Low dose naltrexone is a prescription medication used to treat the symptoms of multiple sclerosis and to block the pleasurable effects of narcotics and alcohol in order to help recovered addicts from returning to substance abuse. Even at low doses, naltrexone causes side effects in some patients.
While they experience the same types of effects as those using the low dose naltrexone for narcotic addiction, many of the common adverse reactions in patients taking the drug for alcohol addiction alone occurred 3 to 8 percent less frequently.
Types of Common Side Effects
Low dose naltrexone causes a number of common side effects, including insomnia, nervousness, headache, dizziness, fatigue, nausea, vomiting and anxiety.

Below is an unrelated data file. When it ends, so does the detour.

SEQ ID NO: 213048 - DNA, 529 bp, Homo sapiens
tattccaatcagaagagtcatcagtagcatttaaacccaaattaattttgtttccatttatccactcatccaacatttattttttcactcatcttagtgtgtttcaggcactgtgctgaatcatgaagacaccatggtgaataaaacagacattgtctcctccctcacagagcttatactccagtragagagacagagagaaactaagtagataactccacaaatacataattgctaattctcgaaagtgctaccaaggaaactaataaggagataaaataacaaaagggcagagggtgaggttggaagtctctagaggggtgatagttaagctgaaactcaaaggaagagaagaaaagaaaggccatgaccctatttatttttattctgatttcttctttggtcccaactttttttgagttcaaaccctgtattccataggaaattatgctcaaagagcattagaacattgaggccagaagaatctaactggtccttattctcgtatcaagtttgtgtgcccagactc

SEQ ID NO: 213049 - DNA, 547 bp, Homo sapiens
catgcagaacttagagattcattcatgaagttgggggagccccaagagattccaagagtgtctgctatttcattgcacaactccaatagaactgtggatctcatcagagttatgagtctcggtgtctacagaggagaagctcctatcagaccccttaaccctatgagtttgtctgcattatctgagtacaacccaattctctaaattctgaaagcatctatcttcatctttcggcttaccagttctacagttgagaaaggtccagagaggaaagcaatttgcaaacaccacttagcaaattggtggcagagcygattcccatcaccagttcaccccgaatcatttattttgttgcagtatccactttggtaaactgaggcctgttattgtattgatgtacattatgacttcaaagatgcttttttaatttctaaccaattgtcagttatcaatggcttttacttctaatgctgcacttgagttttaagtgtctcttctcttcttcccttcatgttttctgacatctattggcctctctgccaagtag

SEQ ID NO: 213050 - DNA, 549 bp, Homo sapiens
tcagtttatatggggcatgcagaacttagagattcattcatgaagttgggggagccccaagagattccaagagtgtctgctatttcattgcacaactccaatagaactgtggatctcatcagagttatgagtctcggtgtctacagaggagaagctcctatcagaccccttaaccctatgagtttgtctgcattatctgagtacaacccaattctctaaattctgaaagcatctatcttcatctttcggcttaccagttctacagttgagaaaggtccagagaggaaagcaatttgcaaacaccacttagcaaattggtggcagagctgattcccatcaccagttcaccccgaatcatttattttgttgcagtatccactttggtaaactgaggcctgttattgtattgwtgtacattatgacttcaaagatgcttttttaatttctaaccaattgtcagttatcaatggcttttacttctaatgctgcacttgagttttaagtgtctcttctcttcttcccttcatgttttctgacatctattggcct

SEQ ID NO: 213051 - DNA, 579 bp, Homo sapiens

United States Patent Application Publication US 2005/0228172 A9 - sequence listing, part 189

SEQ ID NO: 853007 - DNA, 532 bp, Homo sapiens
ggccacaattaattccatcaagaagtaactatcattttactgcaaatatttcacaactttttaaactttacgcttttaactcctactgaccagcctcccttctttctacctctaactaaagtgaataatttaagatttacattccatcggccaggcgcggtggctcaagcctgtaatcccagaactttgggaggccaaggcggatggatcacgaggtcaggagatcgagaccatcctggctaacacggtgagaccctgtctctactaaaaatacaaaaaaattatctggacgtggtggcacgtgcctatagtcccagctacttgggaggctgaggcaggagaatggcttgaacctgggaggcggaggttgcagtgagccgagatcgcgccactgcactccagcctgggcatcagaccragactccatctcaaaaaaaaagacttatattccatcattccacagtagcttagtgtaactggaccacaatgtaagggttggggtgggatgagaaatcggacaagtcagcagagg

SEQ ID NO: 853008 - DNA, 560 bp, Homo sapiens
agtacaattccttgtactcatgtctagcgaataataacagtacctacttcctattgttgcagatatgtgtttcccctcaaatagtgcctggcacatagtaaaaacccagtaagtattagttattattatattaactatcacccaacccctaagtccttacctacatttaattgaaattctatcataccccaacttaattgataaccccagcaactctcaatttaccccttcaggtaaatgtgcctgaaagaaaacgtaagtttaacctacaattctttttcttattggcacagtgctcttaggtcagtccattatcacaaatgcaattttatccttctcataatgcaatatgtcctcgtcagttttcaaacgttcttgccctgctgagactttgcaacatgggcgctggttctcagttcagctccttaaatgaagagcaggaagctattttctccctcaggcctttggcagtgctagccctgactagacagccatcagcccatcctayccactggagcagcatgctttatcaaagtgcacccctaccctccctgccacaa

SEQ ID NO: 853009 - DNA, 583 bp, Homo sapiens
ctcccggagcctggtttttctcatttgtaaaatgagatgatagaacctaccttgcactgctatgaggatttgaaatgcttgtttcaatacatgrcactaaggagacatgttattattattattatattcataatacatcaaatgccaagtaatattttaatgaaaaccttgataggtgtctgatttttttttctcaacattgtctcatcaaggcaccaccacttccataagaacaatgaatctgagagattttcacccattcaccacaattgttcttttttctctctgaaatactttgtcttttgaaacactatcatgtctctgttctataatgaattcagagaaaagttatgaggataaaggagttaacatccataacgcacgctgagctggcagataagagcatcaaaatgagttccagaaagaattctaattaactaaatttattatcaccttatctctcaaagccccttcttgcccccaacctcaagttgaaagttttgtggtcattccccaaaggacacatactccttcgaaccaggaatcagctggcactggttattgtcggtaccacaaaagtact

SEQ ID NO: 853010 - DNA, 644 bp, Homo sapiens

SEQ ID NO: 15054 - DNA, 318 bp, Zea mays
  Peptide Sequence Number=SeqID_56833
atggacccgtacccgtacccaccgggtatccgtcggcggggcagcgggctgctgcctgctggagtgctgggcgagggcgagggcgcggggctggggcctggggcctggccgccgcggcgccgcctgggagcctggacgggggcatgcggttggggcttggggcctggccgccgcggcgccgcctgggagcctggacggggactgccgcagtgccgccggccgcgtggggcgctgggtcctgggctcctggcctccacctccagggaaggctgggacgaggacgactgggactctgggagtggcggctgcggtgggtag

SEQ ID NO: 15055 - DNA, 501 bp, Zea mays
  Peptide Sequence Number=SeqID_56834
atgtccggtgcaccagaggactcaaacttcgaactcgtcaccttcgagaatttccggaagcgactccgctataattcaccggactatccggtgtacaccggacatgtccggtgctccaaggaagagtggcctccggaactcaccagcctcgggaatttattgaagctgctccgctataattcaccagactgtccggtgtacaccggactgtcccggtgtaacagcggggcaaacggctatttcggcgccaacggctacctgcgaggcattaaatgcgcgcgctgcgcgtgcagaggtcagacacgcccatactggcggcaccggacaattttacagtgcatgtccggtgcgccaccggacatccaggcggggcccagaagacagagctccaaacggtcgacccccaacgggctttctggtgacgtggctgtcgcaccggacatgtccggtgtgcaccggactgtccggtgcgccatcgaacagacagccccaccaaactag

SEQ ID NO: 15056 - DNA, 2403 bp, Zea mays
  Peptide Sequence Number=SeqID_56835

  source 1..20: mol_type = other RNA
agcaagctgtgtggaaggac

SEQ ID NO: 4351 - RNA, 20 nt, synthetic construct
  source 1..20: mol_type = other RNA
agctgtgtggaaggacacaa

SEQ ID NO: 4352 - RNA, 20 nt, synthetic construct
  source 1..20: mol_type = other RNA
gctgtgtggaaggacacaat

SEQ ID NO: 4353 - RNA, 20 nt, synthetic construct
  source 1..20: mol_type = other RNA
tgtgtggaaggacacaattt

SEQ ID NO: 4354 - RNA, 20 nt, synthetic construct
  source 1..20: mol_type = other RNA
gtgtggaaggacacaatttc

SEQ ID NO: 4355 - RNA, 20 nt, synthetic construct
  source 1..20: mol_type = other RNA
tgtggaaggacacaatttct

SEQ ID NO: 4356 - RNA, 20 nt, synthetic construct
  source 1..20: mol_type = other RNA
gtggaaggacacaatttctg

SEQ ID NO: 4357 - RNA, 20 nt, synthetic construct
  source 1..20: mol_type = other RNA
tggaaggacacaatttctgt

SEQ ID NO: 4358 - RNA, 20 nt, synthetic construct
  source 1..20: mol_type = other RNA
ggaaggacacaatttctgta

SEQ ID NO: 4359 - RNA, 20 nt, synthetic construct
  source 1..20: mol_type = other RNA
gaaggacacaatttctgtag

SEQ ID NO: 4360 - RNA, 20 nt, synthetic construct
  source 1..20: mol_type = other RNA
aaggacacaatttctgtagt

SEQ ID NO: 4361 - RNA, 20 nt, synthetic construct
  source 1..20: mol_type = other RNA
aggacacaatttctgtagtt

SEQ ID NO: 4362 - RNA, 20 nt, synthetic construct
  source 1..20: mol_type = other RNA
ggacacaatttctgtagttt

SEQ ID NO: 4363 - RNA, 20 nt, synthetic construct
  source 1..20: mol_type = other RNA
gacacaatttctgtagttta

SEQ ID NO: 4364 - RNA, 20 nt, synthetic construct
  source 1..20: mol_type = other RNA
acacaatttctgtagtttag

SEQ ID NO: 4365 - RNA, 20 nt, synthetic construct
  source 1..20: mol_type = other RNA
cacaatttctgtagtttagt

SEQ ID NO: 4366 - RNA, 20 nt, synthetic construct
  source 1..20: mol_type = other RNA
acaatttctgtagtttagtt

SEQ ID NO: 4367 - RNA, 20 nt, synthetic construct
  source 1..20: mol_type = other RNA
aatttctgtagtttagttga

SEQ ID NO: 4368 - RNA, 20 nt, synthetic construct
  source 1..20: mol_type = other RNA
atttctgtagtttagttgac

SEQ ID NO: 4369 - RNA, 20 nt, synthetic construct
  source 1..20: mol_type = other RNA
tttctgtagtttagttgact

Side effects of low dose naltrexone typically begin within a few days of treatment and gradually subside once your body becomes acclimated to the drug. Those with narcotic addictions notice worse symptoms during the first 48 hours of use.
Even at low doses, patients who begin taking naltrexone immediately after stopping narcotics risk experiencing heightened withdrawal symptoms. These side effects include tearfulness, bone and joint pain, vomiting, tremors and very severe anxiety.
Because there is not yet sufficient evidence that even low doses of naltrexone have no unwanted effects upon the fetus, doctors typically do not prescribe the drug for pregnant or breastfeeding women.